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Can’t Hurt Me Summary – David Goggins

Veronica Huerta
by Veronica Huerta
Navy Veteran. Healthcare Worker. Writer.
11 MINUTE READ
Can't Hurt Me (2018)
Master Your Mind and Defy the Odds
TAoL Rating: Book Rating: 5/5 5.0

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One-Sentence Summary

Can't Hurt Me is a powerful, uplifting, part-how-to, part-memoir that'll pick you up by your collar, help you take control of your life circumstances and kick your victim mentality to the curb - by endurance athlete and retired Navy SEAL, David Goggins. (290 pages)

Note: This Can't Hurt Me summary is part of an ongoing project to summarise the Best Mindset Books and Best Self Help Books of all time.

Can't Hurt Me Review

There’s always an inner voice (or demon) that tells you your life circumstances are too overwhelming. You might convince yourself that life’s adversities are too tough for you to reach your full potential. David Goggins and I can tell you right now…that’s a damn lie. 

In his powerful autobiography, David Goggins reminds us that, in life, there are people who have excuses and people who move past their comfort zone. The latter group of people accomplish their goals and achieve true self-mastery. Goggins’ story of beating trauma, poverty, racism, and rising to the occasion as a Navy SEAL and ultramarathon runner is one that is as inspiring as it is captivating.

For me, this book came at the perfect time to remind me of how much potential I had left in me. I picked up a copy shortly after leaving the Navy in 2018, having served four years. It was a time where I had zero clue of what life had in store for me.

I stood in front of the accountability mirror with tears in my eyes wondering what would become of me. Would I rise to the occasion and harness the mental toughness that David Goggins says is in all of us? Using his powerful story and how Goggins himself overcame childhood trauma and adversity, I decided to take my chances and do something to better the world and myself.

I now work as a health technician and am a certified Peer Support Specialist supporting veterans like myself on their road to addiction and mental health recovery. I share my own personal story of recovery, and always make sure to include David Goggins’ story and Can’t Hurt Me into my talks with veterans. This is a book that has useful tools that have profoundly shaped my outlook on life for the better. It’ll shape your life too.

Can't Hurt Me Summary

Beating the Odds

By all accounts, David Goggins should have been a statistic of poverty, racism, violence, or crime. He could have even chosen to label himself a thug and proceeded to move through life as a victim of his childhood. By all accounts, the physical abuse that Goggins faced at the hands of his father, Trunnis Goggins, should have caused him and his mother to look at life with different eyes and deny themselves the ability to accept a different future.

On the contrary, the nightmare that Goggins and his mother went through transitioning from Williamsville, New York, to Brazil, Indiana, was one that made both of them the powerful individuals they are today. 

In the first chapter of Can’t Hurt Me, Goggins recounts his childhood facing physical abuse at the hands of his father. As a child, Goggins would work in his father’s skate rink and bear witness to the abuse his father inflicted on him and his mother. To survive, Goggins and his mother formulated an escape plan, which brought them to Brazil, Indiana to live with other friends and relatives. Unfortunately, Goggins’ brother, Trunnis Jr., is left behind as he chooses to live with his father.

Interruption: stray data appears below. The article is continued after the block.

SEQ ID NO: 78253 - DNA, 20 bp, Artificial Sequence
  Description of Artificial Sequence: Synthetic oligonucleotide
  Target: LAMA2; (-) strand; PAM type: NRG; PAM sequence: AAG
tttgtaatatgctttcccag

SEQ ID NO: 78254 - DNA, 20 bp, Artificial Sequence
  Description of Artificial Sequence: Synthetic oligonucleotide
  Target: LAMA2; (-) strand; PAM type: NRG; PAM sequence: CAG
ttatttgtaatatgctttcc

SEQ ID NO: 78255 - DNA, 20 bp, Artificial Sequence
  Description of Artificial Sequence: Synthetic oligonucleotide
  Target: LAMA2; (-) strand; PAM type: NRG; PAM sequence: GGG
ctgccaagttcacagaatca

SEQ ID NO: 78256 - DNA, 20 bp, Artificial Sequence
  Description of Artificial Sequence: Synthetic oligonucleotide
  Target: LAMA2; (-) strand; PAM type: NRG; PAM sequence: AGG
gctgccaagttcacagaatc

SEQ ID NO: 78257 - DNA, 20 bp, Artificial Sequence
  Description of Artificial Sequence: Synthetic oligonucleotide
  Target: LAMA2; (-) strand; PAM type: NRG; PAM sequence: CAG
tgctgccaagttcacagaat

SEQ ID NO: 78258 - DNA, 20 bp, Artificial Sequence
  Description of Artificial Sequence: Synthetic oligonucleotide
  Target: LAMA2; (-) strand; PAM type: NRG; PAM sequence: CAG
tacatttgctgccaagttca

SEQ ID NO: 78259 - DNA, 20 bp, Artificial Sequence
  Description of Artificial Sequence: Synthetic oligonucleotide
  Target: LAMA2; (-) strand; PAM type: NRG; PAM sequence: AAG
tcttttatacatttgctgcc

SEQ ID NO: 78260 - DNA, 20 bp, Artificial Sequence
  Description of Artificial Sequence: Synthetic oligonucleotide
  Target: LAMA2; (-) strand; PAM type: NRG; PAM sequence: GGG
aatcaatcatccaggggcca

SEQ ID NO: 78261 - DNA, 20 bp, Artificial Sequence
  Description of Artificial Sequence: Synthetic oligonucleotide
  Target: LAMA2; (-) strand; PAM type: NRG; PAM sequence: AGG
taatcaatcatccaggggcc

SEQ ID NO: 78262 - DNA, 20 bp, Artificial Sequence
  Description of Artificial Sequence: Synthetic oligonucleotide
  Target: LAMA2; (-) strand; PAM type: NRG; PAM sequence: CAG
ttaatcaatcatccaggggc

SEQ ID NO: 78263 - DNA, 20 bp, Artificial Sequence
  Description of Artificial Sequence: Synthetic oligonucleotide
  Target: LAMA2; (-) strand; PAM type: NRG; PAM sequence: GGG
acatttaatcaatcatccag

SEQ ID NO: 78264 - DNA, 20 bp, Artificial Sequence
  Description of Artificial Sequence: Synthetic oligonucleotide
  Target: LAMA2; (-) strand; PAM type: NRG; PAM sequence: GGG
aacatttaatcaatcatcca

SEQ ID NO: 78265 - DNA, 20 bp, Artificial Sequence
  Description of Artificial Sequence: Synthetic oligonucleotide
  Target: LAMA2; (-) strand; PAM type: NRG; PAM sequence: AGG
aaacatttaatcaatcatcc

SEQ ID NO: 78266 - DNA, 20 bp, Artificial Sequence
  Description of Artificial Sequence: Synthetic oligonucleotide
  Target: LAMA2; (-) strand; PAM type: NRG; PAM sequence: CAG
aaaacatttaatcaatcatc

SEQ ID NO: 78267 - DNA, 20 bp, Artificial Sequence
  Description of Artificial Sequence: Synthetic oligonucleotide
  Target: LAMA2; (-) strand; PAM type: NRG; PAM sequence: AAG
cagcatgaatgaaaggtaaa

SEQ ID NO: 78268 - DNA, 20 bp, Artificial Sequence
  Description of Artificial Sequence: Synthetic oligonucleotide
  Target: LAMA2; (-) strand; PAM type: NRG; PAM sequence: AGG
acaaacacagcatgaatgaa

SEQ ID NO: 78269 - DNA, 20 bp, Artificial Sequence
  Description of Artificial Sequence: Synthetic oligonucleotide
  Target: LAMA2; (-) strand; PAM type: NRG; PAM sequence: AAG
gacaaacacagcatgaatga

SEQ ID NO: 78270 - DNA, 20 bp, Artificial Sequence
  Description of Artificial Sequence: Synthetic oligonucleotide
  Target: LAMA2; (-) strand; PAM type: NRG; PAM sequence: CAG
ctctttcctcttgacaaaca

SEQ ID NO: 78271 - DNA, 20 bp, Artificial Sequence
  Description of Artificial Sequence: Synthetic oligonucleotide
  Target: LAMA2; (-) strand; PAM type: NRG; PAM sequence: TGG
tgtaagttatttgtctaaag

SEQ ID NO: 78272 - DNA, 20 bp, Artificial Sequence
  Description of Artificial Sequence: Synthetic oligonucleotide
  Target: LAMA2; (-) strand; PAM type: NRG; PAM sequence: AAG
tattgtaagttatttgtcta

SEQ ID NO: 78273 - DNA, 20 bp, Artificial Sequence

As a child, Goggins witnessed unimaginable despair from domestic violence to the death of his stepfather later on. He even recounts seeing the mangled body of a boy during a freak accident involving a school bus. This experience would cause him to suffer from bouts of insomnia and toxic stress as a child. The abuse was so bad, chunks of hair would fall out and patches of skin would be white. A nervous stutter would also develop during his childhood. Even with all of this tragedy, Goggins was able to excel in high school, although…it wasn’t necessarily using the right tools.

Accountability Mirror

Goggins admits he was a popular jock in high school and was involved in the high school varsity basketball team. He accomplished this even while undergoing the trauma of racism, prejudice, bullying, and mistreatment. He describes an instance of school bullies leaving racist remarks on his books. This scared Goggins to the point of having to seek help from his principal. His principal did nothing.

It was here, in high school, that Goggins learned he had to fend for himself and succeed by any means necessary. To do so, Goggins cheated. He Lied. He lied to himself and to the teachers around him that he was capable of graduating high school. In reality, Goggins admits he could only read at a third grade level and was skilled at cheating on tests.

His vulnerability and candidness is something that is a common theme throughout Can’t Hurt Me. Goggins reminds us that we all have our flaws, and absolutely no one is perfect. He didn’t become a hardened individual overnight. His past mistakes are still with him. However, Goggins reminds his readers that making mistakes doesn’t mean you can’t make a change for the better. For Goggins, he realized he needed to study hard and improve his grades after enrolling in the Civil Air Patrol, a civilian sector of the Air Force.